October 19, 2016
The Henry Ford Mission: Preserving American Innovation
Henry Ford is known to most Americans as an inventor, industrialist, and founder of the Ford Motor Company. Henry Ford’s contribution of the Model T automobile completely transformed the American transportation industry by offering a vehicle that middle-class citizens were able to afford. Ford's success and impact on American culture as an innovator is still widely visible today. Although, despite his influence there is still much the average American does not know about Ford as both a collector and an educator.
Before Henry Ford founded his museum in Dearborn, Michigan, he began collecting “relics” (as he called them) such as watches and clocks during his early life. Taking care of and repairing his relics that he felt represented ordinary people and life in America only fueled his passion for collecting and the way technology worked. Even when Ford was one of the wealthiest men in the world, his passion for Americana, artifacts that relate to this history and heritage of the United States, only grew along with his influence. By the 1920’s, Ford became the primary Americana collector worldwide. As a man from rural roots, he did not want the ever-present industrialization and modernization of America to stifle the history and people still living in more rural areas of the country that were so close to his heart. Combining his power with his passion for collecting, Ford continued to accumulate artifacts from pre-industrialized America that preserve a time in history.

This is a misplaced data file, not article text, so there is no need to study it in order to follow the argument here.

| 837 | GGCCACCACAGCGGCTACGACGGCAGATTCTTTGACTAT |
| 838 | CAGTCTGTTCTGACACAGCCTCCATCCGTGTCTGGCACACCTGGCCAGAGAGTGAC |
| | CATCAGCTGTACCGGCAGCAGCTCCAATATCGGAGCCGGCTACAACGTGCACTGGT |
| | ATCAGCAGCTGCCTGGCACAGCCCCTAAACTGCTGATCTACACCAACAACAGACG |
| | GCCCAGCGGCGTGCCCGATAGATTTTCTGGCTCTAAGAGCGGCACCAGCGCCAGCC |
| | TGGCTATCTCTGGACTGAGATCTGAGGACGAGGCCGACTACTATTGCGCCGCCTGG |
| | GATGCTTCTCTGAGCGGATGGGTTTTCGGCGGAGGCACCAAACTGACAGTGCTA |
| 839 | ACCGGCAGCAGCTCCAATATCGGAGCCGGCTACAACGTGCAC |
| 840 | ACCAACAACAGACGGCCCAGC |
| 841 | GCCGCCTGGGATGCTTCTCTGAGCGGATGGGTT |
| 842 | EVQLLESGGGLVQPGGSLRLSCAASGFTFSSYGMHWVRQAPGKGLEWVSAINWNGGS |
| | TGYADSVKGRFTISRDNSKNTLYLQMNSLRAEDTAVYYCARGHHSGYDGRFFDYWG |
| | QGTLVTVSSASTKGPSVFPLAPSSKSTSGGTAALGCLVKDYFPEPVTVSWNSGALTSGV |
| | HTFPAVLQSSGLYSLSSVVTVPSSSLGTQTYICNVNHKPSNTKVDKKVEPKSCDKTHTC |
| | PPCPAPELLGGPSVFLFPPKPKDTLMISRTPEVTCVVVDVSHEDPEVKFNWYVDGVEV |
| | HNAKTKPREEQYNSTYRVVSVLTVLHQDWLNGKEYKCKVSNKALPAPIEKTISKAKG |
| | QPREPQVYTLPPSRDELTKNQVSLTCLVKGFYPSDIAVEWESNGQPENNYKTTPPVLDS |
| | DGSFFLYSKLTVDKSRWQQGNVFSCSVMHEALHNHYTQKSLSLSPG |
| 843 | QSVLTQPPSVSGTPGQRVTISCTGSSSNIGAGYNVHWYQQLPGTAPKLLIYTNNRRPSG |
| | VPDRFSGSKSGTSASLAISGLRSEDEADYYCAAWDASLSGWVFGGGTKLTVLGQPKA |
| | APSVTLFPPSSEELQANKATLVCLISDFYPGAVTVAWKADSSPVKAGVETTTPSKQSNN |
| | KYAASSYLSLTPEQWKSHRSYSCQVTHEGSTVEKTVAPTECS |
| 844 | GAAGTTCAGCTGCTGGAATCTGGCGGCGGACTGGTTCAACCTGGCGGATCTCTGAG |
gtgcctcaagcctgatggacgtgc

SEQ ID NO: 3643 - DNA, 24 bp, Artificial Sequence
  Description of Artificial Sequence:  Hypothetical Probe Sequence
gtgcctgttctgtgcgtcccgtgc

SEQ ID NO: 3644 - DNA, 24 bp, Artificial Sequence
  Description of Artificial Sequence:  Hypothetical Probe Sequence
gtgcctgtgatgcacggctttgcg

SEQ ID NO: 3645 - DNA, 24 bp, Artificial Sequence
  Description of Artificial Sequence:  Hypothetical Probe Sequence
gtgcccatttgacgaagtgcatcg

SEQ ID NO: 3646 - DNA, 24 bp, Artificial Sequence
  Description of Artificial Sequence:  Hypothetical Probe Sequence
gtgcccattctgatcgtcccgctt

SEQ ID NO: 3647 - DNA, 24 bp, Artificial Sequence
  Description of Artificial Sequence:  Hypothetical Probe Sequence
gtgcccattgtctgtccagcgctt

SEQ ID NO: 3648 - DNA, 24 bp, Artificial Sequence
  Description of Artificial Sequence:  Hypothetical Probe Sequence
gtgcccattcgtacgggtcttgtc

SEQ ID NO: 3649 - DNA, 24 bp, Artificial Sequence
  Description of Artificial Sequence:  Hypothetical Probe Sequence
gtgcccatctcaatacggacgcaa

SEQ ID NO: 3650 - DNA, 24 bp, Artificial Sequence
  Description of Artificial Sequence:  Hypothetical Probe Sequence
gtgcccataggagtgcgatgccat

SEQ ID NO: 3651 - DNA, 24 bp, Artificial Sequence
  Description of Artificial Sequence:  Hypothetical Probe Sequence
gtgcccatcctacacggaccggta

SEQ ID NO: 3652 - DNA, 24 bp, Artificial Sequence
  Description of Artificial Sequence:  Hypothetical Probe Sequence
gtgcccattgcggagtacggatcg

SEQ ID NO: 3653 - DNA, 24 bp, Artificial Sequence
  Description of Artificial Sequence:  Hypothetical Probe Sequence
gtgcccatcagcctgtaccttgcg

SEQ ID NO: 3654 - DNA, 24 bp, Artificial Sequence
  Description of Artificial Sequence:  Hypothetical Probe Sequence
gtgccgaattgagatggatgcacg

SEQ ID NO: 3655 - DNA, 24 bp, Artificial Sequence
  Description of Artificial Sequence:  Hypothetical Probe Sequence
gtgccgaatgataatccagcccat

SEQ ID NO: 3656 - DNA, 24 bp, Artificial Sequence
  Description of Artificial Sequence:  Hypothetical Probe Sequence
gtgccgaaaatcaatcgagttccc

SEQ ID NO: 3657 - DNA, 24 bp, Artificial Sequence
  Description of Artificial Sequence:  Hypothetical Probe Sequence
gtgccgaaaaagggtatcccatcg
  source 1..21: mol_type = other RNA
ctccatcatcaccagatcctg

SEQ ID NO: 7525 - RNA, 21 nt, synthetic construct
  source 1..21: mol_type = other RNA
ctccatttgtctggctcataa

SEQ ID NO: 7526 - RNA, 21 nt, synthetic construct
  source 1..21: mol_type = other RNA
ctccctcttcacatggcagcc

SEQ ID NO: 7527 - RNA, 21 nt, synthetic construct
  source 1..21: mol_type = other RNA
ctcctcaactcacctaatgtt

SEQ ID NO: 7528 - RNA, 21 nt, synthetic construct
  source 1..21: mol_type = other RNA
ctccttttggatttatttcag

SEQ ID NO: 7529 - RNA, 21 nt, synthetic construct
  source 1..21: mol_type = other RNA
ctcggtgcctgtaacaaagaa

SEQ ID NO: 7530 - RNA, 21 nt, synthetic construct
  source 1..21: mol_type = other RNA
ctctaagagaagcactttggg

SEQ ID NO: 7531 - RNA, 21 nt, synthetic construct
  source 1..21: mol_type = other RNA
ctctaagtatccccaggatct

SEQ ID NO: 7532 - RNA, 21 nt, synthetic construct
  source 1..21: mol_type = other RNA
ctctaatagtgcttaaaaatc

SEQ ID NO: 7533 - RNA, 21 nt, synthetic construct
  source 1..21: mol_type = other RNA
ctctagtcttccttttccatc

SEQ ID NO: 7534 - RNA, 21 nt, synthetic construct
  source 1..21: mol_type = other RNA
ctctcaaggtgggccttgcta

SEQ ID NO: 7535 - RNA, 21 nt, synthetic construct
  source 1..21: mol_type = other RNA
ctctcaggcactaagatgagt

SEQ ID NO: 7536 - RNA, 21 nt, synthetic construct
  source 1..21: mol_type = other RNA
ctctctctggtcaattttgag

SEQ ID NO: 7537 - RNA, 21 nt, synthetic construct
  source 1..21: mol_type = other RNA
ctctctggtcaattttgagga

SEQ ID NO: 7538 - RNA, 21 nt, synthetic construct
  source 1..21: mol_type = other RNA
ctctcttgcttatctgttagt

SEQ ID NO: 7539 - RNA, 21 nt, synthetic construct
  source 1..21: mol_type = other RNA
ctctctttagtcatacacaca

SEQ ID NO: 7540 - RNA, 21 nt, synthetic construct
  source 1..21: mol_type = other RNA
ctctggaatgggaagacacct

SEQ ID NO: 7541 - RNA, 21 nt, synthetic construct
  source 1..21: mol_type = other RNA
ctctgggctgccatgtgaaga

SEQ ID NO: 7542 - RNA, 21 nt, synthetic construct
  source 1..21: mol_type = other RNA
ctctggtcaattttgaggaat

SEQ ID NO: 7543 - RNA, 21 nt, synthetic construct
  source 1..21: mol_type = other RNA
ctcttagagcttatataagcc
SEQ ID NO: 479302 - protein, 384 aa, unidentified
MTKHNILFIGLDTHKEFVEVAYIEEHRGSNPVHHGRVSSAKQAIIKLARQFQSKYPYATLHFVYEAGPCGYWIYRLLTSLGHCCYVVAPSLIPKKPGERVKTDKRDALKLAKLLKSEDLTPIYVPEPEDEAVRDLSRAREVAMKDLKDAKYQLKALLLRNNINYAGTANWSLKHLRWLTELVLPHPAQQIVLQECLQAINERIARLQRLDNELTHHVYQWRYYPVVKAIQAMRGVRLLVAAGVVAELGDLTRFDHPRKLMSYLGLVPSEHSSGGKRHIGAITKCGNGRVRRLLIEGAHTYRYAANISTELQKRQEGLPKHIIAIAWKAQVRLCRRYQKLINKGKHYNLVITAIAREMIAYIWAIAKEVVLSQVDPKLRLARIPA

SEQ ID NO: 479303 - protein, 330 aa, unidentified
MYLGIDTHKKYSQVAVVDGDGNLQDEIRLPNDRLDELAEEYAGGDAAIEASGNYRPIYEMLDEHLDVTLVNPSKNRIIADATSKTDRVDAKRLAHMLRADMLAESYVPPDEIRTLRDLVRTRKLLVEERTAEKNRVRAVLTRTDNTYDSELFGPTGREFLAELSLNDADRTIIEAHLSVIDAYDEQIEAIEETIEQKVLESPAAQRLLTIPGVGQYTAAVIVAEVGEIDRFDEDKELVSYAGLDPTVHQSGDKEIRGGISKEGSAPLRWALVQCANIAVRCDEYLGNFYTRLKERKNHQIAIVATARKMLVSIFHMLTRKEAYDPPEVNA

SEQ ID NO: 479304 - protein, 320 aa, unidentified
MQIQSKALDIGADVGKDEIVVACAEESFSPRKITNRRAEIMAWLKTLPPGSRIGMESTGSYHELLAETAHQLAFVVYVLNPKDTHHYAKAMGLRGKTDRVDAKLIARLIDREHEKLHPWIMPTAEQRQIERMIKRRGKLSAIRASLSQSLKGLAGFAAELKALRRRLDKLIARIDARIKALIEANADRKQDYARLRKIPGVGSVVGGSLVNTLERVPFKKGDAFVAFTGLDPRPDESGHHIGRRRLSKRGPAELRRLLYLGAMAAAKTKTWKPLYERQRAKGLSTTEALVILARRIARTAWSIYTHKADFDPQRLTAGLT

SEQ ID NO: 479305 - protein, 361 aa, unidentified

Upon starting his museum, Ford stated that he wanted to open his museum to offer people a true vision of the advancement of America. Ford was not an advocate of traditional history taught in schools, stating that "history is bunk". While Ford received backlash for his statement, he stood by his belief that in his view, the history of kings, queens and power struggles is not as important as the histories of real people and their achievements. In starting his museum, the tangible, visual artifacts that exemplify the fast-moving modernization of the industrial industry would have a place in the discussion of advancement and history. The museum pays tribute to many of America’s greats, including Ford’s innovation hero, Thomas Edison. Some of the relics in The Henry Ford museum include the Rosa Parks bus, President John F. Kennedy’s presidential limousine, and much more.
Ford was committed to educating the public about American Innovation. He also saw importance in teaching students skills like ingenuity and resourcefulness in order to continue the longstanding tradition of American Invention in the future. Visits to The Henry Ford Museum often encapsulate guests by the sheer magnitude of boundary-breaking American creation in the past, as well as the many possibilities for the future.
Interested in visiting The Henry Ford museum?
Visit our 2017 Itinerary: Great American Waterways
By: Rachel Kampersal